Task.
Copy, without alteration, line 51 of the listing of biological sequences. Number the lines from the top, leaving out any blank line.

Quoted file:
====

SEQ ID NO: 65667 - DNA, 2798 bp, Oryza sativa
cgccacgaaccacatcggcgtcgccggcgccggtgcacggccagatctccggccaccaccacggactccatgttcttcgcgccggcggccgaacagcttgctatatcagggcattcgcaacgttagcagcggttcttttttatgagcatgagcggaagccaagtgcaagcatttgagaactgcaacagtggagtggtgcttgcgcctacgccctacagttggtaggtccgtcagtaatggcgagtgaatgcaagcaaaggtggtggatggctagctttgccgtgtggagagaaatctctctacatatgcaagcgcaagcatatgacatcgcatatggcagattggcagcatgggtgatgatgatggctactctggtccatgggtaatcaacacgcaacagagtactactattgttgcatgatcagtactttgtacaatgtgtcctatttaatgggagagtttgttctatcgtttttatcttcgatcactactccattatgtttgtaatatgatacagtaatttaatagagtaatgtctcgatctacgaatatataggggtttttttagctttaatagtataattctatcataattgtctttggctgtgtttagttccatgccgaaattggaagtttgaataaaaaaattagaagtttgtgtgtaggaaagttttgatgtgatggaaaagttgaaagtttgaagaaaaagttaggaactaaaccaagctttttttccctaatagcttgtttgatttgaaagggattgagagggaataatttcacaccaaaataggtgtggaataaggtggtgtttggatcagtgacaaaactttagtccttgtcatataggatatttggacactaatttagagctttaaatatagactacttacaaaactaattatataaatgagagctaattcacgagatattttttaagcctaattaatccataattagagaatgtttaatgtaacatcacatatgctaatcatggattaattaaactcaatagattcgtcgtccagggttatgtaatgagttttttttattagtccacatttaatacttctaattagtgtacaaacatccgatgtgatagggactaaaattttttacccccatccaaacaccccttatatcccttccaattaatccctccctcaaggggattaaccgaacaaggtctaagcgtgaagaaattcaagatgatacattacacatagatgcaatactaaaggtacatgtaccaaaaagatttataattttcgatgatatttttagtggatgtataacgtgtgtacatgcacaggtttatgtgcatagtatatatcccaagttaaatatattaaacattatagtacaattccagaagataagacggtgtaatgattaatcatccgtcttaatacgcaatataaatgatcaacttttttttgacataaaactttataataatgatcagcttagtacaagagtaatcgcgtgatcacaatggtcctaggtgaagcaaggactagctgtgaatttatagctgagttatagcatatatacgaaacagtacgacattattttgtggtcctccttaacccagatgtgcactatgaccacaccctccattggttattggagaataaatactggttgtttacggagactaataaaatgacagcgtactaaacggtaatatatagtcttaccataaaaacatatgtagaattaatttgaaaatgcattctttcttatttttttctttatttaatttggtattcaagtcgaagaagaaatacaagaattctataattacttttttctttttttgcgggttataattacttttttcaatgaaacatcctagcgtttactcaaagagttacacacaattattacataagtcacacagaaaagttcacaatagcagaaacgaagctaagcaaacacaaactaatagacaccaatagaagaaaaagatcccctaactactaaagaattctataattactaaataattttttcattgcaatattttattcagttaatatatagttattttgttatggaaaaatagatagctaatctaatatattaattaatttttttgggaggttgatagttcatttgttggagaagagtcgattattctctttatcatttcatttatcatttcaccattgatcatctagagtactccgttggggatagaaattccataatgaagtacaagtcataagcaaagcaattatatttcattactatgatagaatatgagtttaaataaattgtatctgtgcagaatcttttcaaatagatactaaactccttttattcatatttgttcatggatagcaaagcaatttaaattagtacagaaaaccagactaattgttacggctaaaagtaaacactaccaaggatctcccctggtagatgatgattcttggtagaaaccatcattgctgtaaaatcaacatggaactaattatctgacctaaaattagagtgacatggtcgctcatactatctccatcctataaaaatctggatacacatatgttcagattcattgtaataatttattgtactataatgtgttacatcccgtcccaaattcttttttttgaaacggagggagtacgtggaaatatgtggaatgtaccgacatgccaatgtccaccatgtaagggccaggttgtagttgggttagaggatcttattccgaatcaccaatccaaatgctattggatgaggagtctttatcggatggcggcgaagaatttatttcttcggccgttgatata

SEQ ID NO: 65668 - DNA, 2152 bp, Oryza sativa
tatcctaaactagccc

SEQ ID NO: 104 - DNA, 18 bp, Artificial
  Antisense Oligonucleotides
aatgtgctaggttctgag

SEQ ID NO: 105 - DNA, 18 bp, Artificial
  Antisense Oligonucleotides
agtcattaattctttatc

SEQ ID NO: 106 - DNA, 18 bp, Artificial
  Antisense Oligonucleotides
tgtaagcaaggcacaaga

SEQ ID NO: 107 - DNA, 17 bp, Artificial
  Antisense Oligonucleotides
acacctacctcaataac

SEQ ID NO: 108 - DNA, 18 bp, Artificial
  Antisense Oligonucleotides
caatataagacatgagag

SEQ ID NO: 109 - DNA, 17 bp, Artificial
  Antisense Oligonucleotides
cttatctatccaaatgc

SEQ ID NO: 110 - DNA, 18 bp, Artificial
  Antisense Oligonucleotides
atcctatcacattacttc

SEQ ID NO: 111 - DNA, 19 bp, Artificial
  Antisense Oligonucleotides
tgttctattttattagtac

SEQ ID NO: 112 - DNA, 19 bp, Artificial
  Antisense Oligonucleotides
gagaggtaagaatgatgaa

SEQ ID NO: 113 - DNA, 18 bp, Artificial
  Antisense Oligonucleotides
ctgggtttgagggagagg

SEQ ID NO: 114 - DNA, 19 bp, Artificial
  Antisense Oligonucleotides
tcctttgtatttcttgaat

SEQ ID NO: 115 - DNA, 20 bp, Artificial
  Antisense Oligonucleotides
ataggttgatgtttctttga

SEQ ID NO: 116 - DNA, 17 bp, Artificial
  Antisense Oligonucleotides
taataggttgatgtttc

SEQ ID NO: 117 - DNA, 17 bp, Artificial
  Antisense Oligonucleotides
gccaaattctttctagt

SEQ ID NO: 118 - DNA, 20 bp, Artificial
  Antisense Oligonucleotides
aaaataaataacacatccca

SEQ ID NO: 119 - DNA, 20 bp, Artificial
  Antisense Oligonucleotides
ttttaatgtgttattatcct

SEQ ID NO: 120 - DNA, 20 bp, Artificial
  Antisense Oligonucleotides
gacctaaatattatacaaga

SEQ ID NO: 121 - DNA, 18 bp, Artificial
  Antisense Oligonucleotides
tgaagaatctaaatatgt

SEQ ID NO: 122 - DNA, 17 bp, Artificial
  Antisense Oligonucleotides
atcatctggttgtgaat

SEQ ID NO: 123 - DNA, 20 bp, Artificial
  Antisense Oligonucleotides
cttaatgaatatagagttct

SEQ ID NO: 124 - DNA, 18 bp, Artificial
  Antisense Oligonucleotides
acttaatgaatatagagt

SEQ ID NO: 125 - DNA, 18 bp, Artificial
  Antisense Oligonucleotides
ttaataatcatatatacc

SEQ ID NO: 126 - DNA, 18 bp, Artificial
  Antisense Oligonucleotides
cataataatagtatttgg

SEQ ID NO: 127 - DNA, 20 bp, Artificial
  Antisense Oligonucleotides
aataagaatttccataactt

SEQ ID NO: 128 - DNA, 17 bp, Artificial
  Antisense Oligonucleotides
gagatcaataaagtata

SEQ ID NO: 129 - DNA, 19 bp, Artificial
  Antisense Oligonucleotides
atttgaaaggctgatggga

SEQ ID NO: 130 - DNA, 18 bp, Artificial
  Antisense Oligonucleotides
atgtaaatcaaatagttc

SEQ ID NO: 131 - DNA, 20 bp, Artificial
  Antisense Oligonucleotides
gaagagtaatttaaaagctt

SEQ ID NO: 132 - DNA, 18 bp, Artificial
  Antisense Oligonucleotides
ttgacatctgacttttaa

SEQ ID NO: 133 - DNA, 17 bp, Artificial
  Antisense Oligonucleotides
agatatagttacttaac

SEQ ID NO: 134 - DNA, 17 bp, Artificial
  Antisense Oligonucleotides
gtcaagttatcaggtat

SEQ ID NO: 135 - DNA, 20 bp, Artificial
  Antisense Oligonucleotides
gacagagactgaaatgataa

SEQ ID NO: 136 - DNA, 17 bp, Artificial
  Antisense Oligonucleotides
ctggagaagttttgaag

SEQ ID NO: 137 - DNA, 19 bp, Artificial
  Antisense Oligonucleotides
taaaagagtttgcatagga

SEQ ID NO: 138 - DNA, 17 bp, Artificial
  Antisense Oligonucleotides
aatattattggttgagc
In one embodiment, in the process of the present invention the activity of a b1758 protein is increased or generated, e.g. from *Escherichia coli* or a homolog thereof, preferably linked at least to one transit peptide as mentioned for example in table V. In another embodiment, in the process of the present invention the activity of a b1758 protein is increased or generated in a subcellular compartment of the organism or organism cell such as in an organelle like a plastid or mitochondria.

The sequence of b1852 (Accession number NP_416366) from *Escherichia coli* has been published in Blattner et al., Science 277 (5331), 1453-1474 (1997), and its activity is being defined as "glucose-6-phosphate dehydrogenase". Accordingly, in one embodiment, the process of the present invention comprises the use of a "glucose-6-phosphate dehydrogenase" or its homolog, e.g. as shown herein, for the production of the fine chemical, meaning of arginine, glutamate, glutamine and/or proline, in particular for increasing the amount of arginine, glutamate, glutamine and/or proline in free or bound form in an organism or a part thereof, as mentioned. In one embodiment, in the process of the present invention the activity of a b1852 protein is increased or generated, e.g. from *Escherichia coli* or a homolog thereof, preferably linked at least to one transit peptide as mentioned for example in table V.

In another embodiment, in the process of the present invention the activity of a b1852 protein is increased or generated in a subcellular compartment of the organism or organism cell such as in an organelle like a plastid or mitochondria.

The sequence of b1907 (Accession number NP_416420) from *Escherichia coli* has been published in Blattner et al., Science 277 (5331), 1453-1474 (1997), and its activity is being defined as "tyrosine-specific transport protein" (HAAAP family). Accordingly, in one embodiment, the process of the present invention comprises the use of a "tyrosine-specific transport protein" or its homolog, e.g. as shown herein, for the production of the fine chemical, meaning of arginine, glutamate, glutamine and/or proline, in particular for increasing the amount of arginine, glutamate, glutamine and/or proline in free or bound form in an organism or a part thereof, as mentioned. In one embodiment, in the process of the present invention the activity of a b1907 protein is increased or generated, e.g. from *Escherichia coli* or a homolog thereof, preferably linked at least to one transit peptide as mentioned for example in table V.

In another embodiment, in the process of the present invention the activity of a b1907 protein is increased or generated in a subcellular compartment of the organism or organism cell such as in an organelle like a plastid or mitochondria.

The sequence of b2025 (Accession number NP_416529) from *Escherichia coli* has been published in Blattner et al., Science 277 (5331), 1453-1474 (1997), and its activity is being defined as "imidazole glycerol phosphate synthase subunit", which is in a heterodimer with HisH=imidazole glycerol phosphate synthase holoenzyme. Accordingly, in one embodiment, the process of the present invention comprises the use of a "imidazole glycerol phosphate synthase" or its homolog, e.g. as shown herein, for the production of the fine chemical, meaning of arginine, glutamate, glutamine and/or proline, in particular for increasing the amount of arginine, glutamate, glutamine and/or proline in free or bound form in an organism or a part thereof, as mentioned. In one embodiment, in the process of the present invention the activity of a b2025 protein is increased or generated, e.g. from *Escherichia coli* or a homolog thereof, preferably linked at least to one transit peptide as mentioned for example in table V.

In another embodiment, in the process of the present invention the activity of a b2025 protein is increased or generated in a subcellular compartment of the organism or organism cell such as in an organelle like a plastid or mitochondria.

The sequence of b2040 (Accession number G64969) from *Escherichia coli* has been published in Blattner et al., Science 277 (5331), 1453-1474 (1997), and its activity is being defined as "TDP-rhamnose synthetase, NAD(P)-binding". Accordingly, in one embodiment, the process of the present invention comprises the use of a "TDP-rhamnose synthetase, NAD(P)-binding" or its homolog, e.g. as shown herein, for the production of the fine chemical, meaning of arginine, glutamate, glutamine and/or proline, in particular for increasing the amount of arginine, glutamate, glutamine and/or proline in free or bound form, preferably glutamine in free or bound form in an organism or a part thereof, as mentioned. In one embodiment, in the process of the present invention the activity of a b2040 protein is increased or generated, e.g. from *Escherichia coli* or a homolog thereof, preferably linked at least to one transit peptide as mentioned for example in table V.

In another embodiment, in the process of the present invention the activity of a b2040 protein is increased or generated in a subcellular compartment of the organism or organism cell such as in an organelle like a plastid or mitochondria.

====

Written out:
  Antisense Oligonucleotides